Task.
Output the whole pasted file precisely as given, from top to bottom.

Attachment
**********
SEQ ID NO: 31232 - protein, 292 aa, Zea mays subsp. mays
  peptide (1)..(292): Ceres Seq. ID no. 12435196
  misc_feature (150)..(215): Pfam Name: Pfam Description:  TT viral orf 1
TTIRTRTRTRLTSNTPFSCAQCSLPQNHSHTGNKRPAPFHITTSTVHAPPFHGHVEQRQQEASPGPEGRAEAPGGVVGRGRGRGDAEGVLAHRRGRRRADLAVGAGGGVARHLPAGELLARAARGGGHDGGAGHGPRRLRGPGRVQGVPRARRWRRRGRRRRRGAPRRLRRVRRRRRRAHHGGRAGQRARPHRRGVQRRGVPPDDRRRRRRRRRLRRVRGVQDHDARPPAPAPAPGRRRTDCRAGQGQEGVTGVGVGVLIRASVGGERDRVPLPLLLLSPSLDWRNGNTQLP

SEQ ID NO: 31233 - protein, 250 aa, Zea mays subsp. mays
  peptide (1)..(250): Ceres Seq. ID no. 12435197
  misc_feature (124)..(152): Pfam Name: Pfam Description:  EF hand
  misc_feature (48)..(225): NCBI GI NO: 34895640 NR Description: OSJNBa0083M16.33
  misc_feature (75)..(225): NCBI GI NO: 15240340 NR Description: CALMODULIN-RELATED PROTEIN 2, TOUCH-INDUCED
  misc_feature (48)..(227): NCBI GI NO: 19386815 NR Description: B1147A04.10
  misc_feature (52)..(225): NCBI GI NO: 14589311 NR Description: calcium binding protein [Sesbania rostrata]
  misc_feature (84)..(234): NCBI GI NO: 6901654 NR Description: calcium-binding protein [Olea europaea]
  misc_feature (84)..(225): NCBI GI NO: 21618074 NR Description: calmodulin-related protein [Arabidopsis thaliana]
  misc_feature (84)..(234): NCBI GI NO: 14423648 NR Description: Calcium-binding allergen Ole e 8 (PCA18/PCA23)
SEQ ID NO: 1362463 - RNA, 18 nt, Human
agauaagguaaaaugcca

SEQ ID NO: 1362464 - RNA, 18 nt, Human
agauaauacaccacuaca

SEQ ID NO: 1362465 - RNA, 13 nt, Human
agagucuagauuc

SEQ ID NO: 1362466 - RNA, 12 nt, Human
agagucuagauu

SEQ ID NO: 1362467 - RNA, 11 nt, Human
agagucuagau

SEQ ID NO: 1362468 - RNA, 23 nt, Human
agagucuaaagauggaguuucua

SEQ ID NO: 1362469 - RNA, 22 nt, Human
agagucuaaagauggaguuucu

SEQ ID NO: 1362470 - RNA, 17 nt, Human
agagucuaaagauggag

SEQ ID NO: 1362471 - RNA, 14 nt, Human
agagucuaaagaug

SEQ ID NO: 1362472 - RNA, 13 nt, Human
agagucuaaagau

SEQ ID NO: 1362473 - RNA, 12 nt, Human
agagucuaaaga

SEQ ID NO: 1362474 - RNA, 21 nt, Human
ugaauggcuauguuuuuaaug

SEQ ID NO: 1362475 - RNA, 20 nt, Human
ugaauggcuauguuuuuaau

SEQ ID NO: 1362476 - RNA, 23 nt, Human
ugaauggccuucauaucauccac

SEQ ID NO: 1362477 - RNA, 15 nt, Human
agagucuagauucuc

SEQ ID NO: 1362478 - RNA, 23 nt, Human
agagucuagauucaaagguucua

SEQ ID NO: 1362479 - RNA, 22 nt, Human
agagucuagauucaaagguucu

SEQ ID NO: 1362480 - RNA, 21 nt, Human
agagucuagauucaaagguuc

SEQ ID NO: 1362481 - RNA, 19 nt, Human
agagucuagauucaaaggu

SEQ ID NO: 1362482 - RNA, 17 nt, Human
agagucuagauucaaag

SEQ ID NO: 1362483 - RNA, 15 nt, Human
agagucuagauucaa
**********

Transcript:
SEQ ID NO: 31232 - protein, 292 aa, Zea mays subsp. mays
  peptide (1)..(292): Ceres Seq. ID no. 12435196
  misc_feature (150)..(215): Pfam Name: Pfam Description:  TT viral orf 1
TTIRTRTRTRLTSNTPFSCAQCSLPQNHSHTGNKRPAPFHITTSTVHAPPFHGHVEQRQQEASPGPEGRAEAPGGVVGRGRGRGDAEGVLAHRRGRRRADLAVGAGGGVARHLPAGELLARAARGGGHDGGAGHGPRRLRGPGRVQGVPRARRWRRRGRRRRRGAPRRLRRVRRRRRRAHHGGRAGQRARPHRRGVQRRGVPPDDRRRRRRRRRLRRVRGVQDHDARPPAPAPAPGRRRTDCRAGQGQEGVTGVGVGVLIRASVGGERDRVPLPLLLLSPSLDWRNGNTQLP

SEQ ID NO: 31233 - protein, 250 aa, Zea mays subsp. mays
  peptide (1)..(250): Ceres Seq. ID no. 12435197
  misc_feature (124)..(152): Pfam Name: Pfam Description:  EF hand
  misc_feature (48)..(225): NCBI GI NO: 34895640 NR Description: OSJNBa0083M16.33
  misc_feature (75)..(225): NCBI GI NO: 15240340 NR Description: CALMODULIN-RELATED PROTEIN 2, TOUCH-INDUCED
  misc_feature (48)..(227): NCBI GI NO: 19386815 NR Description: B1147A04.10
  misc_feature (52)..(225): NCBI GI NO: 14589311 NR Description: calcium binding protein [Sesbania rostrata]
  misc_feature (84)..(234): NCBI GI NO: 6901654 NR Description: calcium-binding protein [Olea europaea]
  misc_feature (84)..(225): NCBI GI NO: 21618074 NR Description: calmodulin-related protein [Arabidopsis thaliana]
  misc_feature (84)..(234): NCBI GI NO: 14423648 NR Description: Calcium-binding allergen Ole e 8 (PCA18/PCA23)
SEQ ID NO: 1362463 - RNA, 18 nt, Human
agauaagguaaaaugcca

SEQ ID NO: 1362464 - RNA, 18 nt, Human
agauaauacaccacuaca

SEQ ID NO: 1362465 - RNA, 13 nt, Human
agagucuagauuc

SEQ ID NO: 1362466 - RNA, 12 nt, Human
agagucuagauu

SEQ ID NO: 1362467 - RNA, 11 nt, Human
agagucuagau

SEQ ID NO: 1362468 - RNA, 23 nt, Human
agagucuaaagauggaguuucua

SEQ ID NO: 1362469 - RNA, 22 nt, Human
agagucuaaagauggaguuucu

SEQ ID NO: 1362470 - RNA, 17 nt, Human
agagucuaaagauggag

SEQ ID NO: 1362471 - RNA, 14 nt, Human
agagucuaaagaug

SEQ ID NO: 1362472 - RNA, 13 nt, Human
agagucuaaagau

SEQ ID NO: 1362473 - RNA, 12 nt, Human
agagucuaaaga

SEQ ID NO: 1362474 - RNA, 21 nt, Human
ugaauggcuauguuuuuaaug

SEQ ID NO: 1362475 - RNA, 20 nt, Human
ugaauggcuauguuuuuaau

SEQ ID NO: 1362476 - RNA, 23 nt, Human
ugaauggccuucauaucauccac

SEQ ID NO: 1362477 - RNA, 15 nt, Human
agagucuagauucuc

SEQ ID NO: 1362478 - RNA, 23 nt, Human
agagucuagauucaaagguucua

SEQ ID NO: 1362479 - RNA, 22 nt, Human
agagucuagauucaaagguucu

SEQ ID NO: 1362480 - RNA, 21 nt, Human
agagucuagauucaaagguuc

SEQ ID NO: 1362481 - RNA, 19 nt, Human
agagucuagauucaaaggu

SEQ ID NO: 1362482 - RNA, 17 nt, Human
agagucuagauucaaag

SEQ ID NO: 1362483 - RNA, 15 nt, Human
agagucuagauucaa